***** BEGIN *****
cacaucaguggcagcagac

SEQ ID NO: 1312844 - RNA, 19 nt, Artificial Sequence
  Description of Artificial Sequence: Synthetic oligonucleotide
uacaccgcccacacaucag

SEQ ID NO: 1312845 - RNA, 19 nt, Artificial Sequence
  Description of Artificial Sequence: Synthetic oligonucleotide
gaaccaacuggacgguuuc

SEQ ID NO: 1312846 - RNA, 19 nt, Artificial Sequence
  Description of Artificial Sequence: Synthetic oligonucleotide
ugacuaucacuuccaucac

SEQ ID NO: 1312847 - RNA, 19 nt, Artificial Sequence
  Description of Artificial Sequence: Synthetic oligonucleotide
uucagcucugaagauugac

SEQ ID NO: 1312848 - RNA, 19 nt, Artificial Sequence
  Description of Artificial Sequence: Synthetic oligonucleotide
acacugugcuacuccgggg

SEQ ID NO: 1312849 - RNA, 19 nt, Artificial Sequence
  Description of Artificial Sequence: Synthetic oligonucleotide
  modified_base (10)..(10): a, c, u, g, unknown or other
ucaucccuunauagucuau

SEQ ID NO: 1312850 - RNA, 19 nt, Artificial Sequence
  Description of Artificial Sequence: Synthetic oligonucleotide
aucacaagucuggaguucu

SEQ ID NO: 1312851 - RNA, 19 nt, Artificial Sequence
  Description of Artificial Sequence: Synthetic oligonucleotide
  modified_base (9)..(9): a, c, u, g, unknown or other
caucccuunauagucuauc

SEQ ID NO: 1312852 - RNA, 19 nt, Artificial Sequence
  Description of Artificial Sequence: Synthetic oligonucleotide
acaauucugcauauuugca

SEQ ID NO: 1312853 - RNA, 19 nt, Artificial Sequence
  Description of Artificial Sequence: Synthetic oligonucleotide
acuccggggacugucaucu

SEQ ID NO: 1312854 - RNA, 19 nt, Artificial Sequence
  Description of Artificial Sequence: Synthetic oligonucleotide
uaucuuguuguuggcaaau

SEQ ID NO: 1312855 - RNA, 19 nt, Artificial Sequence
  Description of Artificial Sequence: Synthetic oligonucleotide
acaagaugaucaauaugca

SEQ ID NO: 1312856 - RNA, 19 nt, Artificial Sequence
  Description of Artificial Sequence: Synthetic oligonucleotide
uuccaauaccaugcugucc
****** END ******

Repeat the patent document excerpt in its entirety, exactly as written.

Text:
cacaucaguggcagcagac

SEQ ID NO: 1312844 - RNA, 19 nt, Artificial Sequence
  Description of Artificial Sequence: Synthetic oligonucleotide
uacaccgcccacacaucag

SEQ ID NO: 1312845 - RNA, 19 nt, Artificial Sequence
  Description of Artificial Sequence: Synthetic oligonucleotide
gaaccaacuggacgguuuc

SEQ ID NO: 1312846 - RNA, 19 nt, Artificial Sequence
  Description of Artificial Sequence: Synthetic oligonucleotide
ugacuaucacuuccaucac

SEQ ID NO: 1312847 - RNA, 19 nt, Artificial Sequence
  Description of Artificial Sequence: Synthetic oligonucleotide
uucagcucugaagauugac

SEQ ID NO: 1312848 - RNA, 19 nt, Artificial Sequence
  Description of Artificial Sequence: Synthetic oligonucleotide
acacugugcuacuccgggg

SEQ ID NO: 1312849 - RNA, 19 nt, Artificial Sequence
  Description of Artificial Sequence: Synthetic oligonucleotide
  modified_base (10)..(10): a, c, u, g, unknown or other
ucaucccuunauagucuau

SEQ ID NO: 1312850 - RNA, 19 nt, Artificial Sequence
  Description of Artificial Sequence: Synthetic oligonucleotide
aucacaagucuggaguucu

SEQ ID NO: 1312851 - RNA, 19 nt, Artificial Sequence
  Description of Artificial Sequence: Synthetic oligonucleotide
  modified_base (9)..(9): a, c, u, g, unknown or other
caucccuunauagucuauc

SEQ ID NO: 1312852 - RNA, 19 nt, Artificial Sequence
  Description of Artificial Sequence: Synthetic oligonucleotide
acaauucugcauauuugca

SEQ ID NO: 1312853 - RNA, 19 nt, Artificial Sequence
  Description of Artificial Sequence: Synthetic oligonucleotide
acuccggggacugucaucu

SEQ ID NO: 1312854 - RNA, 19 nt, Artificial Sequence
  Description of Artificial Sequence: Synthetic oligonucleotide
uaucuuguuguuggcaaau

SEQ ID NO: 1312855 - RNA, 19 nt, Artificial Sequence
  Description of Artificial Sequence: Synthetic oligonucleotide
acaagaugaucaauaugca

SEQ ID NO: 1312856 - RNA, 19 nt, Artificial Sequence
  Description of Artificial Sequence: Synthetic oligonucleotide
uuccaauaccaugcugucc